What a ball
Organizer gets big kick from Cup's early success
Posted: Wednesday June 30, 1999 01:49 AM
The early success of the Women's World Cup has caught even its chief organizer off guard.
Marla Messing, president of the organizing committee for the three-week tournament, said Tuesday the tournament already surpassed many of her expectations.
"We have always believed in the potential of this tournament to be very successful, a breakthrough event for women's sports," Messing said during a conference call. "But we are frankly in awe of what has happened so far."
What has happened so far is:
"This is a demonstration that the tournament as a whole is being embraced by the fans, not just the U.S. team," Messing said. She called attendance at the non-U.S. games "our greatest achievement."
Overall ticket sales are at 570,000, far beyond early projections, and Messing said 600,000 is a possibility if the American team advances further. On Tuesday, organizers made available nearly 14,000 more seats at Jack Kent Cooke Stadium in Landover, Md., for Thursday's quarterfinals. The United States plays Germany and Brazil faces Nigeria in that doubleheader.
Originally, the stadium was downsized to 41,000 seats. But ticket demand has exceeded that figure after the U.S. team clinched a spot in the quarters.
As for the other venues, Wednesday's quarterfinals -- Norway vs. Sweden and Russia vs. China -- has sold 18,000 seats in San Jose, Calif. Sunday's semifinal at Foxboro, Mass., has sold 22,000. The semifinal at Stanford, Calif., where the Americans would play if they advance, has sold more than 40,000.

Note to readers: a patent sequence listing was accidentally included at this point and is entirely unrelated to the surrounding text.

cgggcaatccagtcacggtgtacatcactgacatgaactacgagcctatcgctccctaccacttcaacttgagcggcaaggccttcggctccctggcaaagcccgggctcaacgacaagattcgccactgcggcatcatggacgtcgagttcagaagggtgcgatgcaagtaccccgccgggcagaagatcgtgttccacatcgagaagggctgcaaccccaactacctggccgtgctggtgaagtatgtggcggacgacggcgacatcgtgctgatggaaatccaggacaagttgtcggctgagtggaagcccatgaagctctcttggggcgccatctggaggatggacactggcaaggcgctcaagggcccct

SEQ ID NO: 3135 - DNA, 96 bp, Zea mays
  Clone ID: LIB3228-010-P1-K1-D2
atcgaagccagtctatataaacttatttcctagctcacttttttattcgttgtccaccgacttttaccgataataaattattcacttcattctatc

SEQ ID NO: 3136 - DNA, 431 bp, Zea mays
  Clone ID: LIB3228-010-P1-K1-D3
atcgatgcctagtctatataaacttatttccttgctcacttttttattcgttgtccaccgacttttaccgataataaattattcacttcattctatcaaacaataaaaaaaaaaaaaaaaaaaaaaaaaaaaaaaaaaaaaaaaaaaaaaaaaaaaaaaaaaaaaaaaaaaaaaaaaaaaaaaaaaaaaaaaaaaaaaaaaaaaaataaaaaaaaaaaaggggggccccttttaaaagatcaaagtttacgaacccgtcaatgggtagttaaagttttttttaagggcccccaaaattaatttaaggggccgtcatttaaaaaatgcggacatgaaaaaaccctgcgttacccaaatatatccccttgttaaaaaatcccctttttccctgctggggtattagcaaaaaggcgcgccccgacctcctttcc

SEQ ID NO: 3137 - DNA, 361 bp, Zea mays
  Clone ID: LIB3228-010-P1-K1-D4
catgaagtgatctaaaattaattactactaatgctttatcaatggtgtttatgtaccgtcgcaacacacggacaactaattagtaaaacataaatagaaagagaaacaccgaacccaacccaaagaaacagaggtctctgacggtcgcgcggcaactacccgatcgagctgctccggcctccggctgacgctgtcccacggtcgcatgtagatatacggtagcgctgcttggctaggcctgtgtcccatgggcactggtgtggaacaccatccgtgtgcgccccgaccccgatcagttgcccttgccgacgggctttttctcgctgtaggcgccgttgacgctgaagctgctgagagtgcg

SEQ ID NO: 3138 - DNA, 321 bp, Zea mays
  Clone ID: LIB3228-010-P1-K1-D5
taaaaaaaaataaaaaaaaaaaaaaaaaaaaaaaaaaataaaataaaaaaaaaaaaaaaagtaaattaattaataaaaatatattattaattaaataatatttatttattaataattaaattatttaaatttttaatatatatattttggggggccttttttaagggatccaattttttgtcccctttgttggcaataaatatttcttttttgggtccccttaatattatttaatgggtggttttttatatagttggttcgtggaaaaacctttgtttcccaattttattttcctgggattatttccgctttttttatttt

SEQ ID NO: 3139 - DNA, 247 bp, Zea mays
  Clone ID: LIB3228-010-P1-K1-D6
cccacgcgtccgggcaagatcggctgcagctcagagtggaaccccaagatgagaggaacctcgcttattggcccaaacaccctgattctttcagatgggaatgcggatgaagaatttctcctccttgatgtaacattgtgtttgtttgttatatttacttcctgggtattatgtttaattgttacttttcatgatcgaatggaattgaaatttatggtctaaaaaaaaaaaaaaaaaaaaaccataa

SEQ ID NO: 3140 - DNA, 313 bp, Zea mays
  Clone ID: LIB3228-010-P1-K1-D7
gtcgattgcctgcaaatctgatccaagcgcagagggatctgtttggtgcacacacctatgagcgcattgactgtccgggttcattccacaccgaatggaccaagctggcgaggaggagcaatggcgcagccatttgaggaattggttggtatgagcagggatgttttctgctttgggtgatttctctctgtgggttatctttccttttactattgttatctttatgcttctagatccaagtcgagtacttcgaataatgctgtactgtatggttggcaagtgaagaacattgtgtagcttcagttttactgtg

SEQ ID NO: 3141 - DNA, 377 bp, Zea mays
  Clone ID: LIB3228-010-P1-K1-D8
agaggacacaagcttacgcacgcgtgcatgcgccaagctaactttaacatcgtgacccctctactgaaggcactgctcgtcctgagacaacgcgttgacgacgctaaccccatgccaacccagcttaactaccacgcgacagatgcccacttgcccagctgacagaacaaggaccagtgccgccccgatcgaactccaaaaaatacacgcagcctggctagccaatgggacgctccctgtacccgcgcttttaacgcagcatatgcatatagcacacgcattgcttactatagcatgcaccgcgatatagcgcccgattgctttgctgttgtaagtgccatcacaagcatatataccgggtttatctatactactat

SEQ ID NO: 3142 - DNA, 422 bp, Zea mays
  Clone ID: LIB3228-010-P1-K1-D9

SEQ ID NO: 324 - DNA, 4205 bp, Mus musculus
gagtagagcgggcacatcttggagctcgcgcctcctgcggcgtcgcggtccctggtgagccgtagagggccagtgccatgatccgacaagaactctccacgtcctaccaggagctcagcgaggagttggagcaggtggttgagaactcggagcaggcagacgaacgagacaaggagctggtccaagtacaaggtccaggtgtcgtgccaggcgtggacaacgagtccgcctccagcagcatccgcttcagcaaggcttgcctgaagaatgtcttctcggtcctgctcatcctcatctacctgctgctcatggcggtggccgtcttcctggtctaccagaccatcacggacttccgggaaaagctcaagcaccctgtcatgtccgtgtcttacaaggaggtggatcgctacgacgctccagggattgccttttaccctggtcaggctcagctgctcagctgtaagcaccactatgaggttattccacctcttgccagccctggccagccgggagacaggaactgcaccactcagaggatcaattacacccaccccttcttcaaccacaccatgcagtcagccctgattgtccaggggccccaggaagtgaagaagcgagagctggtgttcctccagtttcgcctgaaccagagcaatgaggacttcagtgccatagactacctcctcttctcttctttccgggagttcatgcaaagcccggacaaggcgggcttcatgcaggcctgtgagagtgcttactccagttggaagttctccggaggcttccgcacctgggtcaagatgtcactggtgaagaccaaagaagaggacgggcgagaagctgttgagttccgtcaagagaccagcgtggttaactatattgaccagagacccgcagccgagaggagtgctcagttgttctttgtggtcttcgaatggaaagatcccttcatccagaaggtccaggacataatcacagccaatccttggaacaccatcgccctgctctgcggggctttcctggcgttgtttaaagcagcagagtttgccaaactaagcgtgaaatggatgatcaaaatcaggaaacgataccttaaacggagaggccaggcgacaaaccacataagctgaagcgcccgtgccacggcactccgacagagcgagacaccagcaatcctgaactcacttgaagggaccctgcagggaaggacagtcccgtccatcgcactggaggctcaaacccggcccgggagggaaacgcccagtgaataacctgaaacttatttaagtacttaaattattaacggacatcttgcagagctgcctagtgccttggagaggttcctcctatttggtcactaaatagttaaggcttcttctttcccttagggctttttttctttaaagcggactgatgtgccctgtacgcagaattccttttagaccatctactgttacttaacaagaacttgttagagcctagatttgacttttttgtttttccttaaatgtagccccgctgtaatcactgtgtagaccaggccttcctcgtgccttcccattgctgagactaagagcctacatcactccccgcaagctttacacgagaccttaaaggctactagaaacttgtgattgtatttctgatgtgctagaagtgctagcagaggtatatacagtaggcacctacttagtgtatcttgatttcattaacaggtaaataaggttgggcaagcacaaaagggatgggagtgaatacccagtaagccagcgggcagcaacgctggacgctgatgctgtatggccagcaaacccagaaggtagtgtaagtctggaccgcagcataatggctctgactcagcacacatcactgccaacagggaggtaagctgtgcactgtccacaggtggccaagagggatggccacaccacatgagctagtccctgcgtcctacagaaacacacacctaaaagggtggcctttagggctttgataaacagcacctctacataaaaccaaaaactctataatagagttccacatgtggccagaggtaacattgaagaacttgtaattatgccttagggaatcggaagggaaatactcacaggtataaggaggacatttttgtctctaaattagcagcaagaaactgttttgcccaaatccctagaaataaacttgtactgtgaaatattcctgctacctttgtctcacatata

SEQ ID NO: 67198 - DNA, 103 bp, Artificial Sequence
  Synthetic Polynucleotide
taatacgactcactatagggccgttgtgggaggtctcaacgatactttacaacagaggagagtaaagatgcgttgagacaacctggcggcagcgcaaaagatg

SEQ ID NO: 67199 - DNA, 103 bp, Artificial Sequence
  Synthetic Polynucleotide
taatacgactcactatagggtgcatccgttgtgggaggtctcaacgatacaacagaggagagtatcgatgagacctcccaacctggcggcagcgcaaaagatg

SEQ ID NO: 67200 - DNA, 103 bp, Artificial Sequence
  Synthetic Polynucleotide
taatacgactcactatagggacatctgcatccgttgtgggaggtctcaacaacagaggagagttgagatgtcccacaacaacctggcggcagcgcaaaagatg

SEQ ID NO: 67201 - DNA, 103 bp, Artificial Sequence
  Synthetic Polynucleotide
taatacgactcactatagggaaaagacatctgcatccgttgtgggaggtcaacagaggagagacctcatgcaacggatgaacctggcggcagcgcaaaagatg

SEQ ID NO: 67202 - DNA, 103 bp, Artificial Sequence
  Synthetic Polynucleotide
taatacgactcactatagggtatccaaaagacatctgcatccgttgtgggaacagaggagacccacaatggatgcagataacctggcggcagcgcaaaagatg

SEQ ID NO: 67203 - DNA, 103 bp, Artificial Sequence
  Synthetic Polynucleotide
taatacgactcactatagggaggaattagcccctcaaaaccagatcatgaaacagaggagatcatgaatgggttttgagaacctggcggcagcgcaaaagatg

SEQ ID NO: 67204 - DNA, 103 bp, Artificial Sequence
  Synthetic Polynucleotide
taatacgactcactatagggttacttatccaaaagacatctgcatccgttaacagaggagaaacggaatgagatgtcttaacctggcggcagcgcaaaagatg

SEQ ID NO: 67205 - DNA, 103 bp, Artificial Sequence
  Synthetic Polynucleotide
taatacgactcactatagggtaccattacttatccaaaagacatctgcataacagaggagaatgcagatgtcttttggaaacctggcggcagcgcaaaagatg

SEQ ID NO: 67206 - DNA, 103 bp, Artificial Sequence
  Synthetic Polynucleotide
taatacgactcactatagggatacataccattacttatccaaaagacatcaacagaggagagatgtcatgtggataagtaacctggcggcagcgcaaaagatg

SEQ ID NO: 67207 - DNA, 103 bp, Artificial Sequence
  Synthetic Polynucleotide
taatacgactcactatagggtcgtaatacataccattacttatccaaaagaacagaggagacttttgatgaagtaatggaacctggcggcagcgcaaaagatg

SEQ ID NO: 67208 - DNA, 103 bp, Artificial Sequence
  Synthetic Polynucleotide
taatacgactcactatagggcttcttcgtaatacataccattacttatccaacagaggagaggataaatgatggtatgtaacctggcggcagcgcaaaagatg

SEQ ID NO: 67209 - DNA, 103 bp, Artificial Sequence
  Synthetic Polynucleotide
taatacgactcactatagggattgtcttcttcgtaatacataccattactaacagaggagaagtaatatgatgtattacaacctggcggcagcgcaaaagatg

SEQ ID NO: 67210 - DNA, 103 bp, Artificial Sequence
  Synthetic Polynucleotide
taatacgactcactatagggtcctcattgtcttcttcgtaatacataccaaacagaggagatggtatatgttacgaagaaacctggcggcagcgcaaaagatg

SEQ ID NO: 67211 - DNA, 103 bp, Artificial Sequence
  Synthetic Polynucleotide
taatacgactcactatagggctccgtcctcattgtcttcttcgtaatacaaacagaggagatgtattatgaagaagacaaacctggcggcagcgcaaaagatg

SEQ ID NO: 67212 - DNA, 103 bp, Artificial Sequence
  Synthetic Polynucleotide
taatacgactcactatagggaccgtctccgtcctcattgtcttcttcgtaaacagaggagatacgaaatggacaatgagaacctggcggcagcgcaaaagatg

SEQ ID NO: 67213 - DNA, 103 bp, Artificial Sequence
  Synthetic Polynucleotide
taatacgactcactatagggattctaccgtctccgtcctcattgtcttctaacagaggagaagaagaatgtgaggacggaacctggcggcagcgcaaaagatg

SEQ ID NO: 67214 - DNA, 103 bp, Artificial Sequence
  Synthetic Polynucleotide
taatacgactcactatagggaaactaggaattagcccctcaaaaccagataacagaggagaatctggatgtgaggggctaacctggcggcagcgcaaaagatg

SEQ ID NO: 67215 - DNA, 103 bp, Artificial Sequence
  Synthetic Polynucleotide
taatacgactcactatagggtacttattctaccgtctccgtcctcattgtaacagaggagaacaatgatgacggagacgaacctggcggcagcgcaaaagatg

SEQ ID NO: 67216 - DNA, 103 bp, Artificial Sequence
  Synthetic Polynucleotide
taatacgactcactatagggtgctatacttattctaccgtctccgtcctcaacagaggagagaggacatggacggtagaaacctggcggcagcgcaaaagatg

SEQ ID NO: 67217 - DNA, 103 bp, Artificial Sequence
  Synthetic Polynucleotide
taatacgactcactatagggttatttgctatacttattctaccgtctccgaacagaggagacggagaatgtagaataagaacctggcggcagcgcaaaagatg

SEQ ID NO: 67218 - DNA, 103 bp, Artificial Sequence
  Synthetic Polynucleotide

The final at the Rose Bowl on July 10 has sold more than 60,000. Capacity is 86,773 for soccer.
ESPN's audience for last Thursday's U.S.-Nigeria game drew a 1.85 rating, the second-highest soccer match on the network, behind the men's World Cup semifinal last year between Brazil and the Netherlands.
Last Sunday's U.S.-North Korea game on ESPN2 got a 1.96 rating, the highest for any soccer match on ESPN2 and the fifth most-watched event on the network.
Messing was asked about complaints made by the Russians and Chinese concerning travel. Should China make the final, it will have traversed the continent four times.
"It's difficult to put on a World Cup in the U.S. because the country so big, with the [four] different time zones," she said. "We did the schedule before we knew where any team would fall in the draw' except for the United States. FIFA gave us some guidelines. We met those.
"The reality of hosting the World Cup in the United States is the travel will be so much more."
Copyright © 1999 CNN/SI. A Time Warner Company.
Terms under which this service is provided to you.